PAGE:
Forget about psyching out your competition. If you’re looking to get an edge on your rivals in your next race or game, consider psyching yourself up first. Pressure training, a mental technique that simulates the stress of high-stakes competition during practice, is the newest tool coaches are using to prepare athletes for battle. And for good reason: Research in the journal Sport, Exercise, and Performance Psychology found that when nearly 300 athletes underwent some form of pressure training before a competition, “they consistently outperformed peers who did not train under pressure,” says study co-author Billy Low.
How pressure training works varies by situation—one coach might put up a leaderboard in the locker room, where everyone’s practice times are ranked for others to see. Another athlete might post daily weightlifting goals on his Instagram account, then force himself to report the results that evening. The aim: Get used to training in an environment that mimics the pressure of competition over and over until you become immune to game-day anxiety.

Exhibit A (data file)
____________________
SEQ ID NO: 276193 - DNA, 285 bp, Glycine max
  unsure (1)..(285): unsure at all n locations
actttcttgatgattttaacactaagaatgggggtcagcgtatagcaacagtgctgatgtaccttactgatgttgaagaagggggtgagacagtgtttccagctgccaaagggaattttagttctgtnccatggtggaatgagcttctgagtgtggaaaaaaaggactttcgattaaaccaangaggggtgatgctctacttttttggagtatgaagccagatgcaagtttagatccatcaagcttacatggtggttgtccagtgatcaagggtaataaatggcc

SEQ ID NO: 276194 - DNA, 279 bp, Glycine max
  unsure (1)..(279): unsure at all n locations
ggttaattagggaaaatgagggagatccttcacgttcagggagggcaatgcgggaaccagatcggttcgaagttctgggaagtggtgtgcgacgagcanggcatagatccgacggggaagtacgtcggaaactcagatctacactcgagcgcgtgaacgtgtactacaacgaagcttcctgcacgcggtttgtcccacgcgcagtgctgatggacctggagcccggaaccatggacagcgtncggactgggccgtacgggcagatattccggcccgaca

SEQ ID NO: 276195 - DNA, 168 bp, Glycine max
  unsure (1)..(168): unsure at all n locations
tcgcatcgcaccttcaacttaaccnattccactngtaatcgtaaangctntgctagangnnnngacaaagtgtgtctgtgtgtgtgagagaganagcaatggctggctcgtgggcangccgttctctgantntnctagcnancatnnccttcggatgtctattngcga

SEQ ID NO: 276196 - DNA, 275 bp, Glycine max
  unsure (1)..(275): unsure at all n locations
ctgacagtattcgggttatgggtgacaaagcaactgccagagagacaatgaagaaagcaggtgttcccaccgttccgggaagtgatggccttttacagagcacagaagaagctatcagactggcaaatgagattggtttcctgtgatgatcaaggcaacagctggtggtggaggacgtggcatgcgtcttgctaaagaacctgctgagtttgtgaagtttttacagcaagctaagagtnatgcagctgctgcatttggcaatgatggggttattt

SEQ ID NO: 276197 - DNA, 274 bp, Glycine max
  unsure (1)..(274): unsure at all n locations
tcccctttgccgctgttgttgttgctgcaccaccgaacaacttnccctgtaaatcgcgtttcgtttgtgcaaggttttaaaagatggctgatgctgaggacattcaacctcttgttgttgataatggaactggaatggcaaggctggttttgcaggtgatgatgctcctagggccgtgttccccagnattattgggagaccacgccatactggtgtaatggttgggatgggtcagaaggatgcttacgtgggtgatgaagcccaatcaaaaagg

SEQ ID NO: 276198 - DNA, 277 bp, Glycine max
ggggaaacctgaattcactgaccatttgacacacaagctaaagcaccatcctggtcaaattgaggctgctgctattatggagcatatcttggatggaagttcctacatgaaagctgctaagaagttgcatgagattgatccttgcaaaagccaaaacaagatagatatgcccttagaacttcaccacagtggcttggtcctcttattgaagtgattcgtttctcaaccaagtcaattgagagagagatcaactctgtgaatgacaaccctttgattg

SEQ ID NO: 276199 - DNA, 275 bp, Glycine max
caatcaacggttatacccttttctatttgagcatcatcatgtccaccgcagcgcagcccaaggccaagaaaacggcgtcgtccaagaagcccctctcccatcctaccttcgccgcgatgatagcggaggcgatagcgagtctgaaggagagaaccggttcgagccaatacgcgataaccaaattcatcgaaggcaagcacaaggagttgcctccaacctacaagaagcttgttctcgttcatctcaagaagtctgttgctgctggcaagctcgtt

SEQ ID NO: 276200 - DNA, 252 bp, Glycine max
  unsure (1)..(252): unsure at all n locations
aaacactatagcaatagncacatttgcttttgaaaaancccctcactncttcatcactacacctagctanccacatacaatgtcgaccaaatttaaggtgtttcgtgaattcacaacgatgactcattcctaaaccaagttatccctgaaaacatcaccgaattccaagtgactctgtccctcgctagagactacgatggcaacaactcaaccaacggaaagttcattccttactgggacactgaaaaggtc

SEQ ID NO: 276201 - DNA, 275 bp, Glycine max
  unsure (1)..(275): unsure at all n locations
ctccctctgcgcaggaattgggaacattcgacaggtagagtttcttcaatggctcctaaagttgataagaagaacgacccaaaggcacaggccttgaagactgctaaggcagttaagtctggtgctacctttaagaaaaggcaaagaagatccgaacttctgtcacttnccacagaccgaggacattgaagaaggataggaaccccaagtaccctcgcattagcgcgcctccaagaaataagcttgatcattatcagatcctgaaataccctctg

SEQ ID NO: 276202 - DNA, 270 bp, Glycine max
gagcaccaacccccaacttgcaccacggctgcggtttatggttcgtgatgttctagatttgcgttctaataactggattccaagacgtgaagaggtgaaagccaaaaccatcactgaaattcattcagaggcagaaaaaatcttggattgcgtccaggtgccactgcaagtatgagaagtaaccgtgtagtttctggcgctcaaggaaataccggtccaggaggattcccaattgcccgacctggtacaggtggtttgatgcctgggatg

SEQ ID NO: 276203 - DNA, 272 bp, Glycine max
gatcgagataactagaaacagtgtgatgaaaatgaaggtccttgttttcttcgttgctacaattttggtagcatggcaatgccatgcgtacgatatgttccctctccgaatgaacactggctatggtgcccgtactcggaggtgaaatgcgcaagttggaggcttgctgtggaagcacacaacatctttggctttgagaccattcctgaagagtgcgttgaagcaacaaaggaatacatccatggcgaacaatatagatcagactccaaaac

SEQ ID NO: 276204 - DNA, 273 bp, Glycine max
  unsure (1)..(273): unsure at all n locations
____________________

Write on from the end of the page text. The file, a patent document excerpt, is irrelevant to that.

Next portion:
“In my opinion, coaches should introduce pressure training months, rather than days, before a race,” says Low. “Athletes need time to learn skills to cope with pressure—then practice them.”
To really maximize results, he says, try applying performance-enhancing tools like visualization and positive self-talk while also undergoing pressure training. “If athletes always train in easy conditions, they won’t have to use those techniques to get through training,” says Low. “Then once they face pressure in competition, they struggle to refocus or stay positive because they haven’t made those techniques a habit.” So, go ahead: Drop and give us 40. Yes, we’re watching.
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